The concept of freedom, one of the most important problems of Existentialism, has been discussed among philosophers for thousands of years. Because it is vital to understand whether a human being is free, why he is free and is he supposed to be free. This concept is exhaustively revealed in the various works of Jean-Paul Sartre who made an outstanding contribution to this philosophical doctrine. His extraordinary understanding of the notion of “freedom” is clearly represented in his short essay “Existentialism is a Humanism”.
The central idea of Sartre’s vision of human freedom is “We are left alone, without excuse. That is what I mean when I say that we are condemned to be free” (32). However, according to the title, his essay is to prove that existentialists’ ideas are humanistic. Therefore it is important to understand in what sense Sartre’s concept of freedom is connected with humanistic approaches.
According to Sartre’s opinion, man’s ability to invent himself as well as to choose the image of the future world is the fundamental consequence of human existence – the freedom. Existentialists claim that man’s freedom doesn’t depend on any circumstances - it is expressed by the ability of a human to make choices. But it has little to do with choosing how to act; it is about the attitude for the certain situation.
Sartre managed to prove that there is no fatal predetermination of human’s acts. Instead he insists on the fact of human’s ability to fight the obstacles and to overcome them by his or her own decisions. Sartre believed that every human being must fill their lives with meaning by making choices and turn them into acts. Going back to his freedom concept, that I started my essay with, this is where “the condemnation” hits the most. If the person is free, he or she decides their own fate and completely responsible for their deeds, then what if the wrong choice is made in the wrong time? Consequently the Sartre’s concept of freedom can be summarized in the following statement: if we choose to be free we have no one or nothing to blame for the wrong decisions and no one or nothing to thank for our right ones. Ion other words, “the technical and philosophical concept of freedom, the only one which we are considering here, means only the autonomy of choice” (Sartre 483).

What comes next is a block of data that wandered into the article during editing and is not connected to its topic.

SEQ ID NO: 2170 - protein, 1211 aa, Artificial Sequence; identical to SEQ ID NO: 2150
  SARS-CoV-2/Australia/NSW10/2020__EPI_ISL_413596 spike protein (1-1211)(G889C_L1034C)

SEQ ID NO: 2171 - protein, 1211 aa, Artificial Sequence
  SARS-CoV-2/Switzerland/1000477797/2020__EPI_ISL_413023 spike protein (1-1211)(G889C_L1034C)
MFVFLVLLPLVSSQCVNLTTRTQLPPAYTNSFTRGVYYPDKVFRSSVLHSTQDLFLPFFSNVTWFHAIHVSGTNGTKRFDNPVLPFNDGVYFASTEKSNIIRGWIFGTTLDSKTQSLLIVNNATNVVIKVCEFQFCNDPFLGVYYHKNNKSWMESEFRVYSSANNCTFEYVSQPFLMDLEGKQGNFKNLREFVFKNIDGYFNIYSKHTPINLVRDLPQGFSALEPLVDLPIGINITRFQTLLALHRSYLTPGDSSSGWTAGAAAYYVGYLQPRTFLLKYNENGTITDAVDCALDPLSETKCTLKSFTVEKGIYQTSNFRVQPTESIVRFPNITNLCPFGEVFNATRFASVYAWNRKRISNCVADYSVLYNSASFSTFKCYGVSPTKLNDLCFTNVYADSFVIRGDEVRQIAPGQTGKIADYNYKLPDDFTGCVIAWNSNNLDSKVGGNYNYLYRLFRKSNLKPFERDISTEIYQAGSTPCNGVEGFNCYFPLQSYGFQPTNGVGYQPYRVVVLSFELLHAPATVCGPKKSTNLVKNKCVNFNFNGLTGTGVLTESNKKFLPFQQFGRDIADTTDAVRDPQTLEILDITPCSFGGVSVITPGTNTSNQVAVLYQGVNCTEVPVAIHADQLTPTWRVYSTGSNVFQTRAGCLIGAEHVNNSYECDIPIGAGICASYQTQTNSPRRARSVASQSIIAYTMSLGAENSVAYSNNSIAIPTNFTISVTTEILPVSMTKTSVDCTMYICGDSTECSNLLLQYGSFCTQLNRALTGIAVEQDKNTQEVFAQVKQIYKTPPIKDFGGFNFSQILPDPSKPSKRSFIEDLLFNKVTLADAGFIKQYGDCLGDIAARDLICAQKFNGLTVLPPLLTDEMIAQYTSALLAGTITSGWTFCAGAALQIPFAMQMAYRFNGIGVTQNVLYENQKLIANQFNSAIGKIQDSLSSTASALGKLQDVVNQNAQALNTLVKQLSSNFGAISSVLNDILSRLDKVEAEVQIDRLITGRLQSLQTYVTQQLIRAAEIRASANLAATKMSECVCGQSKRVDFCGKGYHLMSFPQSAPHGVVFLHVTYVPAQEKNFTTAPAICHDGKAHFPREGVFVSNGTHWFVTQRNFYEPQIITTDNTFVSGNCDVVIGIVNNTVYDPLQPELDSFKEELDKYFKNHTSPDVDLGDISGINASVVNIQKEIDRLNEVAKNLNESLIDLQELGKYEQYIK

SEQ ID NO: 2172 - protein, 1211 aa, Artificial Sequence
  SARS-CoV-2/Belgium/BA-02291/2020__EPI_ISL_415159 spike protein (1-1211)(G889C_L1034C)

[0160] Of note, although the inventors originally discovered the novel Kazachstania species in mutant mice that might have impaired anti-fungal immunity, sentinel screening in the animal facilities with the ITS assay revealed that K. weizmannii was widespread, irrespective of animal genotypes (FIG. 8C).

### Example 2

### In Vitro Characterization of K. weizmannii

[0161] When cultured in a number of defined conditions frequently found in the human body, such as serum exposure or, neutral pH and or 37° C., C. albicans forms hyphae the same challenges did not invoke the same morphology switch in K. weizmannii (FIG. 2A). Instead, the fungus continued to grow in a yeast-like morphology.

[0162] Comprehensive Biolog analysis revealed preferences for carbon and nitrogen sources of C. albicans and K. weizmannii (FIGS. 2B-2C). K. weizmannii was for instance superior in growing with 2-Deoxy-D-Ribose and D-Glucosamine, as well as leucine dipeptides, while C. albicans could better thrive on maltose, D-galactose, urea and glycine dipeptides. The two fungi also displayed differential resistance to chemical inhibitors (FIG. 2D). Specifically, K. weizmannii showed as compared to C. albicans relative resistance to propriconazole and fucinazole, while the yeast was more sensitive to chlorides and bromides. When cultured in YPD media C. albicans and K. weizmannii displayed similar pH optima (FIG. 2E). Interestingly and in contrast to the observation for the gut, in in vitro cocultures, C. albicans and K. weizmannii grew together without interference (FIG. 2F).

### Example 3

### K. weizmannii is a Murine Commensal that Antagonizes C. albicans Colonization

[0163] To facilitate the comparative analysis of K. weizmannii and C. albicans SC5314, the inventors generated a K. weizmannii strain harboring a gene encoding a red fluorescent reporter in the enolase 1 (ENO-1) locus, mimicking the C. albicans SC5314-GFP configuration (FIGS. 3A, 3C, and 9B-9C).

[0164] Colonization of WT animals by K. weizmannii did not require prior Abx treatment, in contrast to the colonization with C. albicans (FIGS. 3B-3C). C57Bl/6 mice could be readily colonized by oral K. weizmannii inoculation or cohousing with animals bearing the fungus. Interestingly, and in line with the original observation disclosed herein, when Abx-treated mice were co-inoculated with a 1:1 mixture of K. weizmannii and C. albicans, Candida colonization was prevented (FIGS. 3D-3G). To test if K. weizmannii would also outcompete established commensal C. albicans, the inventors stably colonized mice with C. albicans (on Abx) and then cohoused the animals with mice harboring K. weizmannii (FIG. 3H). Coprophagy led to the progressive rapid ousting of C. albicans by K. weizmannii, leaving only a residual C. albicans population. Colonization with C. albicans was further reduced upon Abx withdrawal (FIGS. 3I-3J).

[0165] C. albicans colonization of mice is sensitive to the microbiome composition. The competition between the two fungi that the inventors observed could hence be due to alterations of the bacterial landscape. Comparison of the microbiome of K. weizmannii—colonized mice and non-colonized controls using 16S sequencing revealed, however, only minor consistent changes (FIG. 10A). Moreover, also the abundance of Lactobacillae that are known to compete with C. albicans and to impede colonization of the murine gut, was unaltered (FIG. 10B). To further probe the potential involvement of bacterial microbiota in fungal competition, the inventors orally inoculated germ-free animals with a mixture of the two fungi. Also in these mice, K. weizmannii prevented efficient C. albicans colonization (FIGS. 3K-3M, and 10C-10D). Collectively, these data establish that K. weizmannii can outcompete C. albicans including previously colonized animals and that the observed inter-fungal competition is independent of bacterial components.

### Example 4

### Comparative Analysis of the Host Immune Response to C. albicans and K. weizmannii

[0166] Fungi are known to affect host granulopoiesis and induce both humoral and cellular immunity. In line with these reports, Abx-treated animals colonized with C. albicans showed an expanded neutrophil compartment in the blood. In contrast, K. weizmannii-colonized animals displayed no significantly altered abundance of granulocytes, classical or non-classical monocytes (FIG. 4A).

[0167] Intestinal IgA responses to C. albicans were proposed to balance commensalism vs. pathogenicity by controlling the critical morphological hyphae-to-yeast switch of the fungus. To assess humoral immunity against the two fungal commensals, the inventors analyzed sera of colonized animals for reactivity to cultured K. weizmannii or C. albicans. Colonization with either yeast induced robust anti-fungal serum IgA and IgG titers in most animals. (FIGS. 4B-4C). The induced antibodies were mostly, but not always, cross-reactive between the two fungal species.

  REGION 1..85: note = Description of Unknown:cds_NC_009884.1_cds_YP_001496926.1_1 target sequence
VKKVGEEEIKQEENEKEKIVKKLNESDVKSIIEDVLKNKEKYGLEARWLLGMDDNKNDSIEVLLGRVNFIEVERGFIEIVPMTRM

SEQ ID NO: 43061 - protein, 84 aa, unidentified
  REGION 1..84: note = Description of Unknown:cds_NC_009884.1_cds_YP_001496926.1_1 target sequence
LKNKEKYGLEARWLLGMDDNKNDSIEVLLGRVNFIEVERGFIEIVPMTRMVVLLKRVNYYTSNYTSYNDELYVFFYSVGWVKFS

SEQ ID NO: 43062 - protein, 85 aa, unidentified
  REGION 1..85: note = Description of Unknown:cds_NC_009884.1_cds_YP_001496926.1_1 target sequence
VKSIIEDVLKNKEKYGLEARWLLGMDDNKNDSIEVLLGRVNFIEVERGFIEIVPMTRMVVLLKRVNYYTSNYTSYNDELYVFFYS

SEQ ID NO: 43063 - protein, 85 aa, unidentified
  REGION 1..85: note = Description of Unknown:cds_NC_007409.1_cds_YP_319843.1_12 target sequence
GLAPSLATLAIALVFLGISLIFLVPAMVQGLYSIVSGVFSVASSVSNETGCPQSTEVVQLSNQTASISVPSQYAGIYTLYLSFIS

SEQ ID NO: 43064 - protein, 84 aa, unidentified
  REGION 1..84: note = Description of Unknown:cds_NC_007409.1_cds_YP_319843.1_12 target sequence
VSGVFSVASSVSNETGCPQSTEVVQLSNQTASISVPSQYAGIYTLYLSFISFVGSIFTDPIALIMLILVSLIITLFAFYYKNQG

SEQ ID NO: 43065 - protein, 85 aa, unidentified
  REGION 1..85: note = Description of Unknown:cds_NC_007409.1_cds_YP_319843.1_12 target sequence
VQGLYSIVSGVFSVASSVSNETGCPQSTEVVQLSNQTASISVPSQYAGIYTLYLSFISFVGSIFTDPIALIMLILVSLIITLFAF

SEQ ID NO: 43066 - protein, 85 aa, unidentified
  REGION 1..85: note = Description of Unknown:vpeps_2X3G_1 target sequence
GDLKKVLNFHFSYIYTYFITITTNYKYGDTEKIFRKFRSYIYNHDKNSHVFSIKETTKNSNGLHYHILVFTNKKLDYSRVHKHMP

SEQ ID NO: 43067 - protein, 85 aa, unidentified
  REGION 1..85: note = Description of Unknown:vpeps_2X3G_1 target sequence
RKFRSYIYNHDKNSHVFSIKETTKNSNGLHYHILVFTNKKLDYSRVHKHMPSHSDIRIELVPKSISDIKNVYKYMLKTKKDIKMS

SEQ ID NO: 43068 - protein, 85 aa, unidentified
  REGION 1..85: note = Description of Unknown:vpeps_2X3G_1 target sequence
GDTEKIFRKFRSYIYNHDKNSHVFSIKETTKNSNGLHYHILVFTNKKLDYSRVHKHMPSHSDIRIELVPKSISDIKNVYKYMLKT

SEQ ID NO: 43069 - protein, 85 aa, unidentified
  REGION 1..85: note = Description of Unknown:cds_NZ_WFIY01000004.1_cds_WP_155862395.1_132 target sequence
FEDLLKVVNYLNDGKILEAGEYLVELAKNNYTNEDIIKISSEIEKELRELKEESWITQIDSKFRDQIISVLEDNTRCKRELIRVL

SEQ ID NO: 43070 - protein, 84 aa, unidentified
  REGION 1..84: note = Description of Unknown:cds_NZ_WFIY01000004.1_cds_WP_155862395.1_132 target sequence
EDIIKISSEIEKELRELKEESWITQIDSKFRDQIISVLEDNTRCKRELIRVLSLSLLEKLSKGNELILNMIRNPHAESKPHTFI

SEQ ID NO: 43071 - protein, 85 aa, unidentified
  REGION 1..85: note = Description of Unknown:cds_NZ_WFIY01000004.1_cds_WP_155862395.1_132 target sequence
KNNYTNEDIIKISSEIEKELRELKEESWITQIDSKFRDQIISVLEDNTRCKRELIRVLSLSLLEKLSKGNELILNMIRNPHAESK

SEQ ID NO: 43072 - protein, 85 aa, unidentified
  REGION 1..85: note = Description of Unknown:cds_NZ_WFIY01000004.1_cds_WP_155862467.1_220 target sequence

So in what sense is Sartre’s concept of freedom related to the Humanisms ideas? Humanism is a philosophy based on ethical, metaphysical, epistemological and political approaches in which human interests, values and dignity predominate (Philosophy basics).
Even though Sartre’s understanding of the Humanism differs from the standard viewpoints about this philosophy, we can see from the above mentioned definition that it has a lot in common. Humanism’s main idea asserts that human beings possess the power of potentiality of solving their own problems (Philosophy basics). That is what potentially proves the relation of existentialistic freedom notion of Sartre and humanistic ideas. He clearly summarizes his essay by stating that “this is the humanism. We remind man that there is no legislator other than himself and he mustmake his own choices, and also because we show that it is not by turning inward, but by constantly seeking a goal outside of himself in the form of liberation, that man will realize himself as truly human” (Sartre 53).
Sartre, Jean-Paul. Existentialism and Humanism. New ed. London: Methuen, 2007.
Sartre, Jean-Paul. Being and Nothingness: an essay on phenomenological ontology. 1943. Reprint, London: Methuen & co, 1972.
n.p. Humanism. Philosophy basics. Luke Mastin, 2008. Web. 21 April 2015